Sketches of Philadelphia in 1861:
Overview of 2000 Block of Arch Street from 1813-1874
2008, 2010, and 2012 Arch Street, Philadelphia, PA (left to right).
Watercolor by Taylor (1861). Image courtesy of Winterthur Library.
2008, 2010, and 2012 Arch Street along with two similar wood frame dwellings
(2014 and 2016 Arch Street) were extant as early as 1813, when they were
granted to Edward Randolph by Anthony Cuthbert and John M. Jones. In 1839,
George and Richard Randolph, for the deceased Edward Randolph, conveyed
2008 Arch Street to Jacob and Margaret Justice. At that time, the lot
was described as a framed dwelling or tenement 84’ feet west of
20th street. Between May 1863 and September 1863, Samuel Bunting purchased
all eleven properties along Arch Street between 20th Street and 21st Street,
including the lot owned by the Justice family. 2008 Arch Street was conveyed
to Samuel Bunting by the deceased Jacob Justice’s five children.
The lots were conveyed to Joseph Mulvaney in September 1863 with the agreement
that he would consolidate eight of the lots into seven and build a four
story brick dwelling on each property.
The 1861 Taylor watercolor depicts the three tenements when the Justice
family owned the lot at 2008 Arch Street. The 1860 Hexamer Atlas indicates
that five two-story frame dwellings, which dropped down to one story in
the back buildings, occupied the block, suggesting that the dwellings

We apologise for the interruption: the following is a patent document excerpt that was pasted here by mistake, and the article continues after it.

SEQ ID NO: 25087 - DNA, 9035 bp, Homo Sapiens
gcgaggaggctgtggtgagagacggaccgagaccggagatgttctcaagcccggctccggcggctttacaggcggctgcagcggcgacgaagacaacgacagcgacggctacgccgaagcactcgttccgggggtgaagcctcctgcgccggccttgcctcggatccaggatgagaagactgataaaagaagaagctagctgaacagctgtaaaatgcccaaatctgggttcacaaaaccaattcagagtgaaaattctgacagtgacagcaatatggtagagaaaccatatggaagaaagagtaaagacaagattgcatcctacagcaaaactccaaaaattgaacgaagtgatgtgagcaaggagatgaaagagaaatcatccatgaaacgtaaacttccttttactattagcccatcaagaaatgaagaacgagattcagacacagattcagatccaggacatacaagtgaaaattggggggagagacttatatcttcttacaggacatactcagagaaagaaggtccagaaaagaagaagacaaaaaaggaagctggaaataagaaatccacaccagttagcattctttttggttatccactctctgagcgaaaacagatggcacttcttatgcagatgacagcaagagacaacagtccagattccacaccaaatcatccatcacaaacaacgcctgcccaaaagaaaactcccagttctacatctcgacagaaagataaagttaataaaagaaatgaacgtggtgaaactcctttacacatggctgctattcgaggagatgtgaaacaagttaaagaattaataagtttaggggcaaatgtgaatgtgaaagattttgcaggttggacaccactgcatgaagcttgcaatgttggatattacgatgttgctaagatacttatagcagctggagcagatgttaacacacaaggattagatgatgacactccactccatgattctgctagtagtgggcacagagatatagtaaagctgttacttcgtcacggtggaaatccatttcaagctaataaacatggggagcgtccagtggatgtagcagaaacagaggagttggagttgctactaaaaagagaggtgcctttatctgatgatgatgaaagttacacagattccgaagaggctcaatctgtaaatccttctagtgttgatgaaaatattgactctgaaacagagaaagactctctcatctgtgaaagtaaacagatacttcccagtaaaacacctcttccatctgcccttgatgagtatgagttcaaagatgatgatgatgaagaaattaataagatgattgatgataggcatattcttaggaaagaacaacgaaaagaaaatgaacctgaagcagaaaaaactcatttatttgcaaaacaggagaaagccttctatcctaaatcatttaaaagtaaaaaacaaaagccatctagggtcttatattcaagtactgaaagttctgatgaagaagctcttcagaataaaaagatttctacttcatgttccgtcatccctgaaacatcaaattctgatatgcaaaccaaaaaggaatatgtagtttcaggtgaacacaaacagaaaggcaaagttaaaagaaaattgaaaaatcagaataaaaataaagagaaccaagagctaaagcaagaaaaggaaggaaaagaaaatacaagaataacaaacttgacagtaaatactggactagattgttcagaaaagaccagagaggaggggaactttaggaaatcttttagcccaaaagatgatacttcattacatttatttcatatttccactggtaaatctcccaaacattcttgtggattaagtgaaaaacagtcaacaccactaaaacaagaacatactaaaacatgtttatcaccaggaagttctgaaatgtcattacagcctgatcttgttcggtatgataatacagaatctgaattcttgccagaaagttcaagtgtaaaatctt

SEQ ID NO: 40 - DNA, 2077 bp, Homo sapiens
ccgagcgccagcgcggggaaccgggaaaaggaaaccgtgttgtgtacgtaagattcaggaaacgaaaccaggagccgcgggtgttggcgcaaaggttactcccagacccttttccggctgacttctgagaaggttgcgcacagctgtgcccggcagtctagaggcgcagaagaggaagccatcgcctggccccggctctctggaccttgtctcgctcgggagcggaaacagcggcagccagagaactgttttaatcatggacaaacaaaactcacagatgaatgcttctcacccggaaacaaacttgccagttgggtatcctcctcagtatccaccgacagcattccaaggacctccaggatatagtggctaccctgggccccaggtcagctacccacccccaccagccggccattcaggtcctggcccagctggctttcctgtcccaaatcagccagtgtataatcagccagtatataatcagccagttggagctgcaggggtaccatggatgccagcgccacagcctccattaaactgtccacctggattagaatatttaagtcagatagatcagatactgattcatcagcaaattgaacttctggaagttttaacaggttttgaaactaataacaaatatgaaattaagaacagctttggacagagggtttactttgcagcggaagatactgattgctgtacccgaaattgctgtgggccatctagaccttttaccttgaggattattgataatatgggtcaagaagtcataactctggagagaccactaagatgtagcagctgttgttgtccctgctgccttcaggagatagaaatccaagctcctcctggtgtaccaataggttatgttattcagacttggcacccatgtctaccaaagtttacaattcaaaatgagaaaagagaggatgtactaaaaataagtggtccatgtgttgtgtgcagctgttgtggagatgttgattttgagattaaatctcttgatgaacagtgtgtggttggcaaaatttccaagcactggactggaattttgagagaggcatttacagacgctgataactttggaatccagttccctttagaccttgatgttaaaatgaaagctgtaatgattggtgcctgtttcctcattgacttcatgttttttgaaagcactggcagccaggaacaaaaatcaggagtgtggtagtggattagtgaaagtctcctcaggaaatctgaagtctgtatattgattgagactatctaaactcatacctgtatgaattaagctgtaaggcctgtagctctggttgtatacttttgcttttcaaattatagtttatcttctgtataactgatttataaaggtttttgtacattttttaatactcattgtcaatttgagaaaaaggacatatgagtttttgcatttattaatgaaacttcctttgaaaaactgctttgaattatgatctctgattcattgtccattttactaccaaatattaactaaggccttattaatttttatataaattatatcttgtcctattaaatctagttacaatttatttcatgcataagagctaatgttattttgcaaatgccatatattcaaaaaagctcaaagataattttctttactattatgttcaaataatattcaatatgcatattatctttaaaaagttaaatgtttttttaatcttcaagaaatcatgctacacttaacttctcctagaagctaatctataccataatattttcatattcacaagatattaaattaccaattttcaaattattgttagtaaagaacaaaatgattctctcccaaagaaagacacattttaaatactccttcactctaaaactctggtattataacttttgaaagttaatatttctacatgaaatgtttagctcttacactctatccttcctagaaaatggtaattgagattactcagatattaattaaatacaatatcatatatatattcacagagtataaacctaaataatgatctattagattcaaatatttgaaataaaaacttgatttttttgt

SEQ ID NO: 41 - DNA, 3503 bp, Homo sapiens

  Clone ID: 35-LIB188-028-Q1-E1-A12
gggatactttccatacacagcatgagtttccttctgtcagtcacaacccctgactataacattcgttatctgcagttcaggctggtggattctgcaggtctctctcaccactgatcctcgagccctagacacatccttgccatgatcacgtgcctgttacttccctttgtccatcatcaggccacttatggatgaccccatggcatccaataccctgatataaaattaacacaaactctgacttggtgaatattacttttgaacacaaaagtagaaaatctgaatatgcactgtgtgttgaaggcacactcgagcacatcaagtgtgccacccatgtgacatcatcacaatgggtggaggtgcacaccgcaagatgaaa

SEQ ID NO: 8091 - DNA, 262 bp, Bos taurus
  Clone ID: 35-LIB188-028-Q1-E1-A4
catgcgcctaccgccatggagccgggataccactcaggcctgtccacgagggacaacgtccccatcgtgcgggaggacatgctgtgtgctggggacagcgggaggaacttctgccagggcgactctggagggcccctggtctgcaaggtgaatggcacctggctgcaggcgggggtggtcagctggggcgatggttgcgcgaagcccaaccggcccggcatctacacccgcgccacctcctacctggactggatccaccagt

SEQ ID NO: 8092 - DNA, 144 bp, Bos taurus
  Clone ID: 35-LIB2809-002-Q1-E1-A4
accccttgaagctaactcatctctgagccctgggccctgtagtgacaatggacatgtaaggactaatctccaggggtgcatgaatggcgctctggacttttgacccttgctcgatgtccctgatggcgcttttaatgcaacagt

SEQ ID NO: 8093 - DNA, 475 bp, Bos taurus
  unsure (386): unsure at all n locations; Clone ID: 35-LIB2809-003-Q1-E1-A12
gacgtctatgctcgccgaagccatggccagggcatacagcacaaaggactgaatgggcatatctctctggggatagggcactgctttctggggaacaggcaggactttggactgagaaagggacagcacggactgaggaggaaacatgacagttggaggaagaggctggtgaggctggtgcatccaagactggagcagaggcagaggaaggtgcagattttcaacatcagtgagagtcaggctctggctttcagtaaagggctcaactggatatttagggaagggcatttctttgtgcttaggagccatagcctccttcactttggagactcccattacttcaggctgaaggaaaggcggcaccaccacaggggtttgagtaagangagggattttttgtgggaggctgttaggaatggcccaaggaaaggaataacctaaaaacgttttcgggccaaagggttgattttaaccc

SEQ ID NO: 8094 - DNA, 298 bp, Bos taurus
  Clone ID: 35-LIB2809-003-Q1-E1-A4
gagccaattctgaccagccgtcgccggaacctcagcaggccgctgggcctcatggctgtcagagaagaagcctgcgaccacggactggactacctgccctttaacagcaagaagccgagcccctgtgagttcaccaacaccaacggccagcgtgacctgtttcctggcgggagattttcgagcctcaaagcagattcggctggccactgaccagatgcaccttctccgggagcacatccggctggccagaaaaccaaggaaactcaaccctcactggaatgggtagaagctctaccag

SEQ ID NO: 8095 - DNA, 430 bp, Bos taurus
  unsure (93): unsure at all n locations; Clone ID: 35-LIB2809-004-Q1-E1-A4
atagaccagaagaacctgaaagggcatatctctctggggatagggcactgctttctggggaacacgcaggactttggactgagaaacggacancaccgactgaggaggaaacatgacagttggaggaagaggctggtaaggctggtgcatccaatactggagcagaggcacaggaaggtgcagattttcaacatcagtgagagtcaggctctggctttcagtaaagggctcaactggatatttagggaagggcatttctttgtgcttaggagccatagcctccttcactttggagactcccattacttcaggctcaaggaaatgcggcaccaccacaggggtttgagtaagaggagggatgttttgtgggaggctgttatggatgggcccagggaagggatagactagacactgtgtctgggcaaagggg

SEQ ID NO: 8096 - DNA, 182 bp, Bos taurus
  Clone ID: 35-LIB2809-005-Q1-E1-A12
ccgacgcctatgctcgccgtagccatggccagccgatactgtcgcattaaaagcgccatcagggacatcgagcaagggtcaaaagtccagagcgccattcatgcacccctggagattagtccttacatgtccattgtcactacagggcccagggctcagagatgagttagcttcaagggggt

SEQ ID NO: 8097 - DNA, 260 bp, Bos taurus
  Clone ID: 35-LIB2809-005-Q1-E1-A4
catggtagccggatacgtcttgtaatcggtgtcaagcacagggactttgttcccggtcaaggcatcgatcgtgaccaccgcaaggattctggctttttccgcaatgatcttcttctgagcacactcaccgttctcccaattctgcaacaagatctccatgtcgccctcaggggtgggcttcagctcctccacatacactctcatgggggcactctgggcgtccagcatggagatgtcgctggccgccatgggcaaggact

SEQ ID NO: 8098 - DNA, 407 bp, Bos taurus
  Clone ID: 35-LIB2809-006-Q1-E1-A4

at 2014 and 2016 Arch were demolished sometime between 1859 and 1861.
The area around the homes was a mixed-use commercial and residential distric.
The masonry building beyond the homes was a screw and bolt factory, and
a meat packing factory and a public schoo were located nearby.A comparison
of owners' names and city directories indicates that none of the owners
lived the dwellings, suggesting that the homes were occupied by tenants,
who perhaps worked at the local factories.
In 1864 and 1865, four-story brick dwellings located at 2008, 2010, and 2012 Arch Street were sold by Joseph Mulvaney to William Jenks Fell, David Thain, and Joseph M. Oliver, respectively. According to the Bromley Atlas of 1874, the entire south side of 2000 Arch Street, except for the screw and bolt factory, had been filled in with brick row houses. Similar development, also involving Samuel Bunting, occurred on the 2100 block of Arch Street.
|Last Updated December 11, 2004|